10
   

It is a done deal....the state is going to Kill Davis

 
 
Reply Wed 21 Sep, 2011 09:09 pm
Is this the end of the death penalty in America? I sure hope so, except for treason.
 
hawkeye10
 
  1  
Reply Wed 21 Sep, 2011 09:34 pm
@hawkeye10,
OOPS....I got beat to the question


The Slow Death of Certainty

Will the Troy Davis case be the one that finally turns America against the death penalty?

By Dahlia Lithwick
Posted Wednesday, Sept. 21, 2011, at 8:30 PM ET

Quote:
Whatever else it may come to mean, the execution of Troy Davis by the state of Georgia can stand for the proposition that the death penalty in America is finally dying. That's because the fight over the death penalty is now happening in public, at the grassroots, and with reason triumphing over emotion. In the debate over capital punishment, the desire for certainty is finally beginning to carry as much weight as the need for finality. Americans are asking not so much whether this particular prisoner should be killed as whether this whole capital system is fair.

Steve Kornacki asks whether the Davis case and the vast amount of media and international interest it has generated might serve as a "public opinion tipping point" that signals the beginning of the end of capital punishment in America. He notes that public support for the death penalty has remained pretty consistent over the past decade (64 percent of Americans are still for it), and points out that the decline in support for the death penalty since the 1990s has more to do with a drop in crime rates than changes in attitude. Kornacki concludes that "the basic eye-for-an-eye nature of the death penalty remains compelling for most Americans," and in light of all the whoopin' and stompin' by the Rick Perry crowd in the last month, it's tempting to think that the government-sanctioned killing of a man who many believe to be innocent won't move the needle much. Tim Murphy agrees, reminding us that "[a] third of all Americans, 34 percent, believe an innocent person has been executed and at the same time support the death penalty.

I think that's wrong. Start with the fact that the Troy Davis case has created staggering levels of public interest in the death penalty. (Jeff Toobin called Davis was "the best-known person on death row" and that no death penalty case has engendered this much public doubt and outrage since the execution of Julius and Ethel Rosenberg, killed in 1953 for spying for the Soviet Union.) It is probably folly to try to understand why one death penalty case captures the public imagination more than any other. But the Davis case illustrates so many of the growing doubts about the capital system, such as questions about the reliability of eyewitness testimony (as explained by Brandon Garrett), the grotesque levels of racial bias that infect the capital sentencing system, and the various types of police misconduct."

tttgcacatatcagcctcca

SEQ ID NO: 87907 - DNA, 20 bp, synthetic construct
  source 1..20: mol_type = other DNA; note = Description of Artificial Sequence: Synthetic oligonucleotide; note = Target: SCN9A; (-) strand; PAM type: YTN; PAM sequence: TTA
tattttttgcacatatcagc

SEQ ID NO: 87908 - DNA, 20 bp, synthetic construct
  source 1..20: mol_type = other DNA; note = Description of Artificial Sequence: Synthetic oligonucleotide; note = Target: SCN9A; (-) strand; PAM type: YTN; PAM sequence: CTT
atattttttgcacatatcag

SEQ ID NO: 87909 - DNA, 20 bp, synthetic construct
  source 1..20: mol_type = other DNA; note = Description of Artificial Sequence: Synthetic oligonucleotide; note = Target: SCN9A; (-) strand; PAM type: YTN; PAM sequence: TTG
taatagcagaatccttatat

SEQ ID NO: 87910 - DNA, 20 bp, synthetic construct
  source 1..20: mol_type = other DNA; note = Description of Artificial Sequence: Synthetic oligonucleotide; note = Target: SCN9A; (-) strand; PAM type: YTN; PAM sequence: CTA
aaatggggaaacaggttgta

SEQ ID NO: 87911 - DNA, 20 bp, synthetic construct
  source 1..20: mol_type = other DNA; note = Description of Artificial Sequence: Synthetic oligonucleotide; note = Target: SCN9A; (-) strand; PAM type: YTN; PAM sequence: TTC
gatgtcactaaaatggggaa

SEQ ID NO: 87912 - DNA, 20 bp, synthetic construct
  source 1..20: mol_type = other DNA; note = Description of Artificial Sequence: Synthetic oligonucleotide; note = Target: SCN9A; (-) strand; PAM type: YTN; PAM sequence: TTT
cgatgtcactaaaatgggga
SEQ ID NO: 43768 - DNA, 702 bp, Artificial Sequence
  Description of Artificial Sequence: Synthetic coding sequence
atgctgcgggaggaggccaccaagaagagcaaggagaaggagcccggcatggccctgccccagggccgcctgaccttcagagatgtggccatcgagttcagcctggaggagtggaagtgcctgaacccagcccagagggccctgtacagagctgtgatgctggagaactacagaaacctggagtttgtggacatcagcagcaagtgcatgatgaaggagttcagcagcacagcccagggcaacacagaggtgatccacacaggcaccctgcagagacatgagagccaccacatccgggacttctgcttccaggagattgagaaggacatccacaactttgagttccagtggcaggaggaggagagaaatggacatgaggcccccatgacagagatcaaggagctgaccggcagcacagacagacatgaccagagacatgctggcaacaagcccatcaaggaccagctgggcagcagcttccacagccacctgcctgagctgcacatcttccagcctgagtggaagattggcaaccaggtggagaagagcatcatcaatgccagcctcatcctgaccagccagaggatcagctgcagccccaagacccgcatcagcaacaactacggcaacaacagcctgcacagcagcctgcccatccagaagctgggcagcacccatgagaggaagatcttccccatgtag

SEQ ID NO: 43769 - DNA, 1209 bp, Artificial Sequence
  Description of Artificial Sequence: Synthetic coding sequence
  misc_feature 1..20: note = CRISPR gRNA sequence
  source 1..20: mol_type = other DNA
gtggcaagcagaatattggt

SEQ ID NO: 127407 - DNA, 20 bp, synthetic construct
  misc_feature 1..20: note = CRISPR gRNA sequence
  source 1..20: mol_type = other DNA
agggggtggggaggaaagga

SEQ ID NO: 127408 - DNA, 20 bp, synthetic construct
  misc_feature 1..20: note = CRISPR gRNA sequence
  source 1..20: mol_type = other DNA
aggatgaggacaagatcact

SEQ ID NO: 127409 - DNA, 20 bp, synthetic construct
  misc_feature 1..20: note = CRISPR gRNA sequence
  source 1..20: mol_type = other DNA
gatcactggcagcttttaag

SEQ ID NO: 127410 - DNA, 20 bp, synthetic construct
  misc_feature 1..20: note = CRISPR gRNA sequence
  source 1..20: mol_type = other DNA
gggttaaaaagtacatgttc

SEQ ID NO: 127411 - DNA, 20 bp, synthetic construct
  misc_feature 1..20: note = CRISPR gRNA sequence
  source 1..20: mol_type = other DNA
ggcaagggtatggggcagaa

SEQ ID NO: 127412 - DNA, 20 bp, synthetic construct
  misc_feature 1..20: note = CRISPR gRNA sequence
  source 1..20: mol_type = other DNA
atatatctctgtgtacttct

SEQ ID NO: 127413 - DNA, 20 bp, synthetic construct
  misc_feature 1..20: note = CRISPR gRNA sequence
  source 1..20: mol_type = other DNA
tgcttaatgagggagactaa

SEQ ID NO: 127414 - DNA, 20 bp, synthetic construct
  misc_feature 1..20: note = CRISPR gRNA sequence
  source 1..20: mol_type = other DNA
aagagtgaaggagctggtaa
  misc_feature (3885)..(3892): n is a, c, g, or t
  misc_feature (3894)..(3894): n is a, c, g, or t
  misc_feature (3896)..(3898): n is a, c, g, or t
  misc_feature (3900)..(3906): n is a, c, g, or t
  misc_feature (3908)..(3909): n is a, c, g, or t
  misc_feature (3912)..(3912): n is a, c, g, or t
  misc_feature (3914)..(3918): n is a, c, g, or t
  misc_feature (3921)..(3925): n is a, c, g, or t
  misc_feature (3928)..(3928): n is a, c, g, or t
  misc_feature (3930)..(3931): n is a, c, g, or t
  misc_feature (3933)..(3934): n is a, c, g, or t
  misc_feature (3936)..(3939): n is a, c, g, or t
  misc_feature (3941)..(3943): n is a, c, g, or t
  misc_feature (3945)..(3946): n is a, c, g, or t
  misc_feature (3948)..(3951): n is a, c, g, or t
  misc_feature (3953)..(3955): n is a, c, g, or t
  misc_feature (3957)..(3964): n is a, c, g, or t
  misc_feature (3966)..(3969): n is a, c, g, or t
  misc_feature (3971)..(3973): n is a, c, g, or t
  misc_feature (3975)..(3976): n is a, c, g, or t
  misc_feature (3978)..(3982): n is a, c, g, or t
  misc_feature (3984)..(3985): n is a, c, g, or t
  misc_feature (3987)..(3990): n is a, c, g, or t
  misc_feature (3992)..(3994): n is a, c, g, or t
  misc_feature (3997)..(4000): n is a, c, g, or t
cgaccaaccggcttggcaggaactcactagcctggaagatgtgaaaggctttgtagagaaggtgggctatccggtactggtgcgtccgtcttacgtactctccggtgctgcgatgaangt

http://www.slate.com/id/2304140/
raprap
 
  2  
Reply Wed 21 Sep, 2011 09:44 pm
@hawkeye10,
Texas has executed innocent people, and it has had no effect on slowing executions in Texas. Why would you expect anything different in Georgia.

http://www.huffingtonpost.com/barry-scheck/innocent-but-executed_b_e 272327.html

http://scienceblogs.com/dispatches/2010/03/texas_judge_weve_executed_inno.php

http://officeofstrategicinfluence.com/deathpenalty/

Personally, I think the next time Rick Perry threatens secession, he ought to be charged with treason.

Rap
hawkeye10
 
  1  
Reply Wed 21 Sep, 2011 09:46 pm
@raprap,
Quote:
Texas has executed innocent people, and it has had no effect on slowing executions in Texas. Why would you expect anything different in Georgia.
This case is different, and while I dont know why it is different the state it happens is not part of why this is different, I think.
hawkeye10
 
  1  
Reply Wed 21 Sep, 2011 09:52 pm
@hawkeye10,
I know what resonates with me is that I hear a lot of people like the DA who tried him say " I think he is guilty" or " I have no doubt but that he is guilty" but not a single " it was proven that he is guilty".......NOBODY is willing to claim that his guilt was proven beyond a reasonable doubt.
0 Replies
 
ryoung
 
  1  
Reply Wed 21 Sep, 2011 09:56 pm
@hawkeye10,
DNA proved his guilt, so what is the problem. Sounds like he deserves it. They should all require undisputible proof so innosent people are not executed. If you take away the death penalty murders are sure to go up.
hawkeye10
 
  1  
Reply Wed 21 Sep, 2011 10:08 pm
@ryoung,
ryoung wrote:

DNA proved his guilt, so what is the problem. Sounds like he deserves it. They should all require undisputible proof so innosent people are not executed. If you take away the death penalty murders are sure to go up.
Really? How does dna in this case prove that Davis killed the victim?
ryoung
 
  1  
Reply Wed 21 Sep, 2011 10:27 pm
@hawkeye10,
His DNA was found at the crime scene, him and his lawyer were the one pushing for the DNA test and it was his.
Finn dAbuzz
 
  1  
Reply Wed 21 Sep, 2011 10:42 pm
It's wishful thinking that this case will lead to a reversal in public opinion concerning the death penalty and ultimately to its total discontinuance in America. This is strongly suggested by comments like:

Quote:
It is probably folly to try to understand why one death penalty case captures the public imagination more than any other.


Quote:
This case is different, and while I dont know why it is different the state it happens is not part of why this is different, I think.


Hunches and hope don't lead to measured analysis.

hawkeye10
 
  1  
Reply Wed 21 Sep, 2011 10:45 pm
@ryoung,
ryoung wrote:

His DNA was found at the crime scene, him and his lawyer were the one pushing for the DNA test and it was his.
was it proved that he was the only one at the scene....and that he was there when the crime happened? Doubtful, this is probaby like how we use dna to prove that sex happened and then parley that into proof of rape.....aka total bullshit.
0 Replies
 
hawkeye10
 
  1  
Reply Wed 21 Sep, 2011 10:50 pm
@Finn dAbuzz,
I have been a vocal opponent of the death penalty except for treason for 30 years, it is one of my pet lost causes....I will take what I can get.
0 Replies
 
gungasnake
 
  1  
Reply Thu 22 Sep, 2011 03:55 am
@raprap,
Quote:
Personally, I think the next time Rick Perry threatens secession, he ought to be charged with treason.


Texas has a legal right to succeed at its own pleasure, that was part of the deal under which Texas joined the union.